Because granite is usually sold in slabs no more than 10′ long, most countertops will require at least one seam. And since granite is sold in rectangular pieces, using seams may also reduce the costs, as in an ‘L’ shaped corner. Sometimes a seam can be placed at a sink bowl to make it less conspicuous.
Seams will always be visible in granite. Their visibility is affected by the granularity, color and pattern of the stone. Seams on a small, uniform grain or dark color will not be as noticeable as they will on a larger variegated grain or lighter color. A dramatic pattern with swaths of color will similarly highlight seams more than a uniform pattern.
Seams are always made on a straight edge. Although granite is very heavy, there could be some movement along the seam. To seal them, industry standards call for a small bead of silicone to be placed between the 2 surfaces to allow for natural expansion and contraction. This bead may be between 1/16″ and 1/8″ wide.
Individual slabs can vary slightly in their thickness. If not corrected, this would result in an uneven seam, so the installer will install shims on the underside of the top to bring the upper surfaces flush. This is considered to be the proper technique for leveling the surface. Granite may or may not be installed over plywood; the fabricator will decide that.
In most cases, some type of back splash is used. It can be the same granite used for the counters, ceramic tile, or some other product. It may be attached to the counter or to the wall, but in either case the seam between the counter and the backsplash will be sealed with caulk. The standard height for a backsplash is 4″ although they’re frequently made higher if the customer desires. Remember that the thickness of the backsplash must be considered when taking surface measurements.
Most counters are installed with a standard overhang of 1″. This may be modified to suit personal taste, but it must be stipulated before the template is made. Granite can be cantilevered up to 14″ if it’s a large piece with sufficient support on the fixed end. It should never be cantilevered where it might receive excessive stress, however, such as where someone may be tempted to sit on it or use it as a stepstool to change a light bulb. In these cases, it must always be supported. It’s always best to assume the worst and add proper support on any extension over 6″. An unsupported span of no more than 36″ is usually acceptable as long as the stone is supported on both sides of the span.
A special edge (e.g. ogee) creates an additional installation challenge where two sections of granite meet in a corner. Additional labor is required to match the two sections.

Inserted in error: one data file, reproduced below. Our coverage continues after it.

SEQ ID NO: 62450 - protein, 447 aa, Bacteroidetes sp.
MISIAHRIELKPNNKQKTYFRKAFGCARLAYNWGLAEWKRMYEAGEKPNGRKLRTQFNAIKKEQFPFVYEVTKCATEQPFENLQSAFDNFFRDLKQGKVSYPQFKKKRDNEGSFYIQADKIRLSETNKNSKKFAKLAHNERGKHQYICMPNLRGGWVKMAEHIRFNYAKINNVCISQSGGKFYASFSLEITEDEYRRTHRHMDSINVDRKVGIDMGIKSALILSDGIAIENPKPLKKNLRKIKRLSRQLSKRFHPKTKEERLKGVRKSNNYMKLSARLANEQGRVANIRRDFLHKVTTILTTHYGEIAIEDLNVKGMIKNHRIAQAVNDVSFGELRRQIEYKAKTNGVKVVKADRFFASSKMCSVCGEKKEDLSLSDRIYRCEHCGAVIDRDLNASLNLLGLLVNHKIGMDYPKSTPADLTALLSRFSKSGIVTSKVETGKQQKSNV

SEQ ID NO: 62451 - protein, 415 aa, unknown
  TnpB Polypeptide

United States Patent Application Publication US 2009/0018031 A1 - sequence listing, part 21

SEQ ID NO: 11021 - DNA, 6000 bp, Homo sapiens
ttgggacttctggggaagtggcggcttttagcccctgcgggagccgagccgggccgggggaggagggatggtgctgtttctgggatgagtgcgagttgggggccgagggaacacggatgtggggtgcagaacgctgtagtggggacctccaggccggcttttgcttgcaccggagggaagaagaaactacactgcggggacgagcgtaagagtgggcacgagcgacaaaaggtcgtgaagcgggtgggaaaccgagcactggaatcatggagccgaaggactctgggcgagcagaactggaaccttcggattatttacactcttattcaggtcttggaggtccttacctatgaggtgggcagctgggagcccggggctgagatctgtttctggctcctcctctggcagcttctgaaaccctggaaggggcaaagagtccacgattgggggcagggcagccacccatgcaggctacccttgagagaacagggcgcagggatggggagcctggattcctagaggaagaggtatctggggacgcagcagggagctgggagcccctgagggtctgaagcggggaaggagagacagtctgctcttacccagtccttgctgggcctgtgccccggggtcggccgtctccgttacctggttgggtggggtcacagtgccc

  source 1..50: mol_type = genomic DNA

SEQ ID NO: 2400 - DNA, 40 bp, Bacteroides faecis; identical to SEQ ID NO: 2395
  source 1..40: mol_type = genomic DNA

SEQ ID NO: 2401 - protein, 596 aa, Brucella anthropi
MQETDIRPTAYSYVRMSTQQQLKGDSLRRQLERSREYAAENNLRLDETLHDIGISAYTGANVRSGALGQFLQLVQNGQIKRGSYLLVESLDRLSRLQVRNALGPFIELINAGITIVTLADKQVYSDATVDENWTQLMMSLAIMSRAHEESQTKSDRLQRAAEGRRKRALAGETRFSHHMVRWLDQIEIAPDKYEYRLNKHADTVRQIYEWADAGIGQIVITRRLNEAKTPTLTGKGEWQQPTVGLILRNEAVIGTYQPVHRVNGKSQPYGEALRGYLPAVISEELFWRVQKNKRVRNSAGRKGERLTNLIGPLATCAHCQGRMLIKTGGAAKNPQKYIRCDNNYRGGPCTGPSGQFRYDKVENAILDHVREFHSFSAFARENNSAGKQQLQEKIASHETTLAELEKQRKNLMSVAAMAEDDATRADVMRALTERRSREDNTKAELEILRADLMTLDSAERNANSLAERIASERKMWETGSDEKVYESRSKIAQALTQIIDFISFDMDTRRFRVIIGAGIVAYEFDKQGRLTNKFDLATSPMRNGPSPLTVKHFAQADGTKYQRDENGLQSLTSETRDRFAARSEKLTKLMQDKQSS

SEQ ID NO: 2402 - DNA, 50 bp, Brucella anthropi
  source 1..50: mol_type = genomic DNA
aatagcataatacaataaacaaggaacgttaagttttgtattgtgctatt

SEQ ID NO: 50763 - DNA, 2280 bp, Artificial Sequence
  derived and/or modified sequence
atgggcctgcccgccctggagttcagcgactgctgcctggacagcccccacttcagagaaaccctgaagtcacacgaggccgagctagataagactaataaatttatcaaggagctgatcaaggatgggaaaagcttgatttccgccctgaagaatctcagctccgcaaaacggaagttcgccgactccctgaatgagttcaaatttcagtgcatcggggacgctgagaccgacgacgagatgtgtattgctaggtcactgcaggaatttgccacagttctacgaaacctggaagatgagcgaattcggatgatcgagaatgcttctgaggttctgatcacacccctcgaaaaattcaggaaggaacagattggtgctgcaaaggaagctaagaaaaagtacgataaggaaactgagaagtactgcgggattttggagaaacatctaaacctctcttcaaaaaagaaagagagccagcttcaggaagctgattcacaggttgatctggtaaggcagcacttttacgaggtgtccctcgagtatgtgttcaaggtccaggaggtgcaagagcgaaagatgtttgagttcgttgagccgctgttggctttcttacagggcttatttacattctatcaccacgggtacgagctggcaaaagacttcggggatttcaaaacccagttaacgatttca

If a laminated edge is chosen using 2 cm granite, and if it’s to be mounted on frameless cabinets, or on framed cabinets that have upper retractable cutting boards, the granite will need to be raised ¾” to clear the laminated double edge that hangs down ¾”.
It is recommended that a dishwasher not be attached directly to the granite countertop, but be side-mounted to adjoining cabinets. Special brackets are available from the dishwasher manufacturer for this purpose. Drilling into the bottom of the stone can cause stress cracks and discolorations in the surface of the stone.
Preparing the site
On new construction, the base cabinets must be permanently anchored in place before a template can be made. On a remodel project, existing tops must be removed prior to measurement. Any sinks, faucets, cooktops, or any other item that requires a cutout or a hole in the top must be on site and readily available at the time the template is made. The fabricator may need to take some items with him to complete the fabrication.
Please note that any delay in acquiring the accessories may also delay the installation.
Under normal circumstances, the installer will not be responsible for connecting of dishwashers, cooktops, or plumbing.
Remember: do not make any changes to the design or specifications with the fabricator when he’s taking his measurements because those changes may affect other elements in the overall design or may result in unexpected cost increases. All changes should be arranged only through your kitchen designer.
Once the installer takes his measurements and makes the template, no changes can be made. All cuts are final; it is impossible to re-attach a piece of granite that has been cut from the slab. Additionally, once the granite is glued in place on the cabinets, moving it is very difficult and risks damaging the cabinets.
Living with Granite
Protecting the Surface
Granite is a natural stone product and has a certain degree of porosity. Therefore, after installation, it must be cleaned and sealed. Only impregnating sealers that are semi-permeable are acceptable. Impregnators do not cover up the natural beauty of the stone and do not wear off like a surface coating.